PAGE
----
2012 Volkswagen Tiguan SEL 4Motion First Test
The last time a 2012 Volkswagen Tiguan appeared in our garage, the compact crossover came up short against competitive offerings from Ford, Mazda, Honda, and Kia. That Tiguan, however, was a base front-drive model. Would a well-equipped all-wheel-drive Tiguan SEL 4Motion change our tune?
In a word, no. But the crossover does have its strong points, one of them being its powertrain. The Tiguan SEL 4Motion is powered by Volkswagen's tried-and-true 2.0-liter turbocharged I-4 producing an ample 200 hp and 207 lb-ft of torque, with power routed through a six-speed automatic transmission. While we're more enamored with VW's six-speed DSG dual-clutch gearbox, the automatic shifts quickly and smartly, especially when Sport mode is engaged. But in the default drive setting it seems too eager to upshift and likes to drop the engine revs below 1000 rpm while coasting, leading to a minor (and annoying) delay in power delivery when you get back on the throttle.
Despite the addition of two extra drive wheels, the 2012 Tiguan SEL 4Motion handles about as well as the front-drive Tiguan SE we tested. It rolls over itself during any semblance of aggressive driving, its seats are just as flat, and it has the same rough-riding suspension. The SEL's attractive 19-inch wheels didn't seem to help matters much.
On the track, the slightly heavier 4Motion turned in roughly the same numbers as the front-drive Tiguan. The dash to 60 mph took 7.8 seconds and it ran through the quarter mile in 16.0 seconds at 87.2 mph, matching the Tiguan SE to 60 mph and besting it by 0.2 sec and 0.8 mph in the quarter. It out-braked front-drive Tiguan SE too, needing 121 feet to stop from 60 mph, versus 123 feet.
The Tiguan SEL slightly out-handled the front-drive version, managing to pull an average 0.82 g on the skidpad (versus 0.80 g), and completed the figure eight in 27.5 seconds at an average of 0.61 g, as compared to 27.9 seconds at 0.62 g (avg). In the fuel efficiency arena, the Tiguan SEL returned 19.9 mpg combined in mostly city driving during our test, close to the city number of the Tiguan 4Motion's 21/27 mpg city/highway rating.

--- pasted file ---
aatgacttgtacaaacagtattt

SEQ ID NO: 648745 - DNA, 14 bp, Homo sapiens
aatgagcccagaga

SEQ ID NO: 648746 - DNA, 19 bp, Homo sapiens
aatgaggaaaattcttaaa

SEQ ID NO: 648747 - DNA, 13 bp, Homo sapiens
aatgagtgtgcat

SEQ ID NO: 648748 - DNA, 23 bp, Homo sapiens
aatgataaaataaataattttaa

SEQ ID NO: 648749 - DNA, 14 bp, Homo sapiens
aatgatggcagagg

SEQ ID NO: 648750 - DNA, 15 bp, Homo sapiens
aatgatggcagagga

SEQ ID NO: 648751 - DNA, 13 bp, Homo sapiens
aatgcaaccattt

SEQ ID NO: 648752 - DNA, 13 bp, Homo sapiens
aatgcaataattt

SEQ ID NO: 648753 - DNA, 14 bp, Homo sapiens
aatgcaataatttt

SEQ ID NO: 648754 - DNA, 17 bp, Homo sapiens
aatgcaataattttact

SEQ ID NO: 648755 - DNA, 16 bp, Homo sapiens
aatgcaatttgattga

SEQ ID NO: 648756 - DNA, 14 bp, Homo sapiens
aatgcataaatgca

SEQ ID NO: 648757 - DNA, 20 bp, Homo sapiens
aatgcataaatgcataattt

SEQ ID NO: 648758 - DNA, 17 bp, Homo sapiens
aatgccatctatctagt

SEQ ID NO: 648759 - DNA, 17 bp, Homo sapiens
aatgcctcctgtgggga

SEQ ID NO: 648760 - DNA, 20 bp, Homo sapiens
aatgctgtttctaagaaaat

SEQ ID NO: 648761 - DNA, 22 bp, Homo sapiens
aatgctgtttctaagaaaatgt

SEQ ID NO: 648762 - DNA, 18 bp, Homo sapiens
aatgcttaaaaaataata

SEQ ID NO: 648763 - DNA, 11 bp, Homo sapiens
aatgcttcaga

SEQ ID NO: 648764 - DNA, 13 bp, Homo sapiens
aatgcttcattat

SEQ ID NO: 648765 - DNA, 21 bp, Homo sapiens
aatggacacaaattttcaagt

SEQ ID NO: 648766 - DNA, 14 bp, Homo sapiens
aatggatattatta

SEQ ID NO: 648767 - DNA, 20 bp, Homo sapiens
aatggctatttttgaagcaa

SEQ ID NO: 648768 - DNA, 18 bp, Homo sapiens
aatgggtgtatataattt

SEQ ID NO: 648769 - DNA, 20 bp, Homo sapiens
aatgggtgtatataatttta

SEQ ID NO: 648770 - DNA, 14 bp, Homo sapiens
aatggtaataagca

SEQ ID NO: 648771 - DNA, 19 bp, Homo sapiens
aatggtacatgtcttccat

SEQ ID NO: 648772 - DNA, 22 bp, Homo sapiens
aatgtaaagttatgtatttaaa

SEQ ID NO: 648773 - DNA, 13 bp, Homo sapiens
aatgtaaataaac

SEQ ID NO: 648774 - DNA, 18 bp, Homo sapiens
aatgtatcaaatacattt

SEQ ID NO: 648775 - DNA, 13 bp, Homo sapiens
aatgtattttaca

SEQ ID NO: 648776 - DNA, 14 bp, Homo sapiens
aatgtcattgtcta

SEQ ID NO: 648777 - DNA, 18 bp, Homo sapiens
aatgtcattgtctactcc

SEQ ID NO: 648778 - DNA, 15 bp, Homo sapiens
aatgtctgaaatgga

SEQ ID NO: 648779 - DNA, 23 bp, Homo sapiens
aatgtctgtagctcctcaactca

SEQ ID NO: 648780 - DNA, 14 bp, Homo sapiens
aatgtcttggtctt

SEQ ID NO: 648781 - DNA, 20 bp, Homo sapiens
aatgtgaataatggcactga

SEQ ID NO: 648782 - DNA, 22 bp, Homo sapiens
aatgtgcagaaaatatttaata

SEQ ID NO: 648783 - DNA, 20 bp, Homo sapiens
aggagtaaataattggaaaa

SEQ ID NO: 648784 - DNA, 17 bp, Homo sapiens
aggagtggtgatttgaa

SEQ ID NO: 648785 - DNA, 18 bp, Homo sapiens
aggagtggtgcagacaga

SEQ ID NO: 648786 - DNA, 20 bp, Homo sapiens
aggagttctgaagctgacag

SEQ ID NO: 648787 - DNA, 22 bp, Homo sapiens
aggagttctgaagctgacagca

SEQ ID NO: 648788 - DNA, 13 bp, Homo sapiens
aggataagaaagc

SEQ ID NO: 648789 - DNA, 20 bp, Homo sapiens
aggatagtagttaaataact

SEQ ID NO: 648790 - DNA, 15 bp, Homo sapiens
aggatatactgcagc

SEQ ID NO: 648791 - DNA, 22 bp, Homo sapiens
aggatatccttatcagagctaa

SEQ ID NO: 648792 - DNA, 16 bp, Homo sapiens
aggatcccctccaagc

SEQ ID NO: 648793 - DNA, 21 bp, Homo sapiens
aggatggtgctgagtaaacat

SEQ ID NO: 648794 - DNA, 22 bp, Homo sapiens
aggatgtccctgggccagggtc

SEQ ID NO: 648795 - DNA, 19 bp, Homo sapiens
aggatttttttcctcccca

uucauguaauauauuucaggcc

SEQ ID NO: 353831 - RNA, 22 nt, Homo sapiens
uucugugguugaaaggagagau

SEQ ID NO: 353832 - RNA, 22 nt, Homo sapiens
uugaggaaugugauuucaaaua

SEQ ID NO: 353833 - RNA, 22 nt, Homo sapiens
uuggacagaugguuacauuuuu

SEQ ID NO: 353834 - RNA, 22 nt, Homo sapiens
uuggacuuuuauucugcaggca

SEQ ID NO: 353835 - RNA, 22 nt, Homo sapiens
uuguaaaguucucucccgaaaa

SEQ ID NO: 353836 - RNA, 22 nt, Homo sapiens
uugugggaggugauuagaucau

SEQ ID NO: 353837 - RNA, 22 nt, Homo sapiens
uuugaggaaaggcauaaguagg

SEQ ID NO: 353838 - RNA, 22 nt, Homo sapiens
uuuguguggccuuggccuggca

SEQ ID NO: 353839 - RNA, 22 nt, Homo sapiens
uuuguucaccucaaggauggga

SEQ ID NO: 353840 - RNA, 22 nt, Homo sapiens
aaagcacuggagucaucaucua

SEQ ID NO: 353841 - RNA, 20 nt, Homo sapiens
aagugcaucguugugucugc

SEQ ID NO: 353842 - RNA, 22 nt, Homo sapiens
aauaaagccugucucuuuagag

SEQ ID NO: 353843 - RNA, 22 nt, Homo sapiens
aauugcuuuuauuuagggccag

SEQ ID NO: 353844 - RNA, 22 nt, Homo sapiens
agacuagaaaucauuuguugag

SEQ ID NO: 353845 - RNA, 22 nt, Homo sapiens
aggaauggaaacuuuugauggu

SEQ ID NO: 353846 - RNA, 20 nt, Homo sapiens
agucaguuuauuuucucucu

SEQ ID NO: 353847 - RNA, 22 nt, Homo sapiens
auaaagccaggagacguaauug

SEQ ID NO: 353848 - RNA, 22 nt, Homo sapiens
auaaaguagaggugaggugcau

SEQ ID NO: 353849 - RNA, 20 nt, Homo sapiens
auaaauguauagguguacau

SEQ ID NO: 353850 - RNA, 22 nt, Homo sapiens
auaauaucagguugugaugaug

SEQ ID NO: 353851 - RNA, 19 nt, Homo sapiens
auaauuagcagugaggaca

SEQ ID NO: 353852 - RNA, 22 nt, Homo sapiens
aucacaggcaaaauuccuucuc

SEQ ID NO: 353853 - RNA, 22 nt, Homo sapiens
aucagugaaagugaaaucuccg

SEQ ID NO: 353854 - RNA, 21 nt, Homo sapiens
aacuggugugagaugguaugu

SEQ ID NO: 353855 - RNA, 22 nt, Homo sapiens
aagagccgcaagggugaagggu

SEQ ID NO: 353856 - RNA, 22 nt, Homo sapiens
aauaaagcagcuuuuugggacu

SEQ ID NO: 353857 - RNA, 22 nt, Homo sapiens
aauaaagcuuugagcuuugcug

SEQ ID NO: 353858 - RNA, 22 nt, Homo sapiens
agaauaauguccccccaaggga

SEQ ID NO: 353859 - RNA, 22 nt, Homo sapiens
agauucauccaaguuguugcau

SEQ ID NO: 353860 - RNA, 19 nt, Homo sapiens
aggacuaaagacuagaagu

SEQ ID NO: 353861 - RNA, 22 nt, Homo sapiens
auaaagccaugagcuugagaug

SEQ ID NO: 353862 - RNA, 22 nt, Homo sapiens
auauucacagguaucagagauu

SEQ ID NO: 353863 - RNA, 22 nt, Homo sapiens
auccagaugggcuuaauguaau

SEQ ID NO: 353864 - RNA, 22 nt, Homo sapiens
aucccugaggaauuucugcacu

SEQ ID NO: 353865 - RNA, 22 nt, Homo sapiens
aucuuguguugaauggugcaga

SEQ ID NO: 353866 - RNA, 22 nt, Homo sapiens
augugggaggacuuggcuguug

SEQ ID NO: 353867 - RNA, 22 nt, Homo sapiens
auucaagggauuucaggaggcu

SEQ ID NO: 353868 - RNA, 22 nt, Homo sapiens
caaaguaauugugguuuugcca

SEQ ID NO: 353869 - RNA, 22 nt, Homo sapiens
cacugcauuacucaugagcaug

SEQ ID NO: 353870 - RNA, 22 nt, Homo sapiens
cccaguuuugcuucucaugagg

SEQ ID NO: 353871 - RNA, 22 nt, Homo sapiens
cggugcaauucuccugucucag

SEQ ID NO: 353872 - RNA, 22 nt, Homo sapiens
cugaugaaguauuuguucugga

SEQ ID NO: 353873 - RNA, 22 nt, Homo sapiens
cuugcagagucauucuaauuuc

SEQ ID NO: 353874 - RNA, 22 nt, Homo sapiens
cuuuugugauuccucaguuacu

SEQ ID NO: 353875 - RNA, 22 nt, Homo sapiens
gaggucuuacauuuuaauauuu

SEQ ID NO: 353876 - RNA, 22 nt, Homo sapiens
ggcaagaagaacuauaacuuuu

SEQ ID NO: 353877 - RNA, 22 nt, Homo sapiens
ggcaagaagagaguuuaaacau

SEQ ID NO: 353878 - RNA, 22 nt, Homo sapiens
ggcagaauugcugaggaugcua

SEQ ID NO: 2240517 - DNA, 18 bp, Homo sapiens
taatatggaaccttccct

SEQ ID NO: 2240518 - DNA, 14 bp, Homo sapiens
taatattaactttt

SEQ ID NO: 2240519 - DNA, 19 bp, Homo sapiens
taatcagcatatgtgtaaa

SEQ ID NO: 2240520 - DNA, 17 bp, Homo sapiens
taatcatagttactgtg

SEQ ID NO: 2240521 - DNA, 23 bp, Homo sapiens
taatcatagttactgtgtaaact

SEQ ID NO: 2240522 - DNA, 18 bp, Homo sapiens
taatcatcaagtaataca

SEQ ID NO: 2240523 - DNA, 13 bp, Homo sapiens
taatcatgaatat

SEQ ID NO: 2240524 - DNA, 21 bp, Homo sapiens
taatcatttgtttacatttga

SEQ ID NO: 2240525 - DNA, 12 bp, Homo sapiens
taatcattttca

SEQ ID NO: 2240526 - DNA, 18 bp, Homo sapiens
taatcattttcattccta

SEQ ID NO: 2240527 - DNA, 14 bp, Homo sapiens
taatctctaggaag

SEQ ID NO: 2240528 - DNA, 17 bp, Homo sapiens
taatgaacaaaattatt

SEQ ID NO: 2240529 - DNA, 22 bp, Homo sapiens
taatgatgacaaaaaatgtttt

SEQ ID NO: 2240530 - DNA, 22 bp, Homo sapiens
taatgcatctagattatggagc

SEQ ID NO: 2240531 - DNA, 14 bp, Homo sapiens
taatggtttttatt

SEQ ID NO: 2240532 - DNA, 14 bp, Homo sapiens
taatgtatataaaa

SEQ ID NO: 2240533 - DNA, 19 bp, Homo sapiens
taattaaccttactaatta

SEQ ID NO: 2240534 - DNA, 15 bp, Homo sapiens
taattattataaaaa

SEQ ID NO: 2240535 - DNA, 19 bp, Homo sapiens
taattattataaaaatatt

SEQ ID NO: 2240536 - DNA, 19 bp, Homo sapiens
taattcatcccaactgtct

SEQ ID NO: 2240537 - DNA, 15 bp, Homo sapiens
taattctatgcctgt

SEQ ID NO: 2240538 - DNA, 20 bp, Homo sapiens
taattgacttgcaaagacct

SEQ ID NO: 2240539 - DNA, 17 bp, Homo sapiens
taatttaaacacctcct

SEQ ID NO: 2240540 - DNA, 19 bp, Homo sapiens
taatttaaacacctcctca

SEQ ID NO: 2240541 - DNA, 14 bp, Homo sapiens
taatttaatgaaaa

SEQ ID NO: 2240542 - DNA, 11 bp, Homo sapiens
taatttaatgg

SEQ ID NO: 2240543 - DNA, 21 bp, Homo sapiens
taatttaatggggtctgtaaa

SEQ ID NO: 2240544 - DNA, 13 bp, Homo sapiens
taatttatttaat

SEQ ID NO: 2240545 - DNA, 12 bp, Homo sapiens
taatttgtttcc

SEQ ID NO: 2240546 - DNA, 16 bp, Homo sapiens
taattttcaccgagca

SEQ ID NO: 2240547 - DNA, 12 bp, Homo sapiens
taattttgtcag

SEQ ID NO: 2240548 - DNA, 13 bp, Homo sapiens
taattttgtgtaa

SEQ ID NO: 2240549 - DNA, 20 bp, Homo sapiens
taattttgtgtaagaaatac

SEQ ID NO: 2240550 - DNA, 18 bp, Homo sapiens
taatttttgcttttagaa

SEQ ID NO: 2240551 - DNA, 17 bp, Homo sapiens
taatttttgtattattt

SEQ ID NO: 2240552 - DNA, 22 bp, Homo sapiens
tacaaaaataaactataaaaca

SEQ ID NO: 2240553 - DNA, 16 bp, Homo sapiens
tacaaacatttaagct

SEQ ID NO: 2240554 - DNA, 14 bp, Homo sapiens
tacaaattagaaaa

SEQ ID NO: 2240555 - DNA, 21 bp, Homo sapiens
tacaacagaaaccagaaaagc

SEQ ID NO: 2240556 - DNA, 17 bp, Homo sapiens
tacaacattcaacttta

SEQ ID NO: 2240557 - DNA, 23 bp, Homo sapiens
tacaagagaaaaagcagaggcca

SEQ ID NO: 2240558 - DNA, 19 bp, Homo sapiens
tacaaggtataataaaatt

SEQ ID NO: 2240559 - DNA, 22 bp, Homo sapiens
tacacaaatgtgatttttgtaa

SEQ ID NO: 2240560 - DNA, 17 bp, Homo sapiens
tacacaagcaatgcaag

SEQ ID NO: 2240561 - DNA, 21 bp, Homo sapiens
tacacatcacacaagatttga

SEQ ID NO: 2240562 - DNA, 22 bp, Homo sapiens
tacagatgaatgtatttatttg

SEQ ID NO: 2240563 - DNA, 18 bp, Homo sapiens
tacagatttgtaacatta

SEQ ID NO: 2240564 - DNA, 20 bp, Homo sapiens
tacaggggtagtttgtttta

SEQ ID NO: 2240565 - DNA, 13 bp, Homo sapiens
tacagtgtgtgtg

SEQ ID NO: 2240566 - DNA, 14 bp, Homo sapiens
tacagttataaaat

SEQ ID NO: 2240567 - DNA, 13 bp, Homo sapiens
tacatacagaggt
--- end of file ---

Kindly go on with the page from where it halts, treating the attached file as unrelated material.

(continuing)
Inside, the Tiguan SEL 4Motion predictably felt more upmarket than the SE model. The tester featured real leather seats, a navigation system, and the Dynaudio premium audio system. The power, tan leather seats provided a nice contrast to the dark black plastics on the dashboard, making the interior a more pleasant place than the dim and dark Tiguan SE.
Despite the interior improvements, the Tiguan SEL's insides still felt flawed. For example, with the seats up the cargo area is just 23.8 cu-ft -- barely enough cubes to squeeze in a single hockey bag. Though there are no fewer than 11 cubbies spread throughout the cabin, they don't do much to make up for the lack of space. With the heavy, clunky rear seats folded down (though not completely flat), the cargo area grows to a decent 56.1 cu-ft.
Up front, the SEL's seats are as hard and flat as the last tester we had in, and the Tiguan is also cursed with the worst driving position this side of a bus. The instrument panel and steering wheel are angled in such a way that no matter what position you're sitting in, the wheel feels like it's coming up out of the floor at you. At just over 6-feet tall, I figured maybe it was just me. Other editors agreed, however, with one even going so far as to say the angle of the wheel and instrument panel make it feel like you're falling forward.
Now to a touchy subject for the VW: price. Our top-of-the-line Tiguan SEL 4Motion tester rang in at $38,600. Our tester came fully loaded with a navigation system, leather seats, HID headlights, and the aforementioned Dynaudio sound system. That hardly makes the Volkswagen a bargain proposition. A similarly equipped 2013 Ford Escape (the top finisher in our recent comparo) rings in about $3000 cheaper, and a comparable 2013 Mazda CX-5 (the No. 2 finisher) is even cheaper still. Our Tiguan SEL tester's value proposition is even more muddled when you compare it to its Audi sibling, the Q5. A base Q5 costs $36,475, though a comparably equipped model retails for just over $40,000.
While the Tiguan is marketed as a premium alternative to its rivals, the driving experience and included content simply don't live up to those expectations, despite having arguably best powertrain in its segment. Whether it's an SE or SEL, two-wheel drive or four, the overpriced Tiguan ultimately underdelivers.
|2012 Volkswagen Tiguan SEL|
|PRICE AS TESTED||$38,600|
|VEHICLE LAYOUT||Front engine, 4WD, 5-pass, 4-door SUV|
|ENGINE||2.0L/200-hp/207-lb-ft turbo DOHC 16-valve I-4|
|CURB WEIGHT (F/R DIST)||3751 lb (57/43%)|
|LENGTH x WIDTH x HEIGHT||174.5 x 71.2 x 65.6 in|
|0-60 MPH||7.8 sec|
|QUARTER MILE||16.0 sec @ 87.2 mph|
|BRAKING, 60-0 MPH||121 ft|
|LATERAL ACCELERATION||0.82 g (avg)|
|MT FIGURE EIGHT||27.5 sec @ 0.61 g (avg)|
|EPA CITY/HWY FUEL ECON||21/27 mpg|
|ENERGY CONS., CITY/HWY||160/125 kW-hrs/100 miles|
|CO2 EMISSIONS||0.83 lb/mile|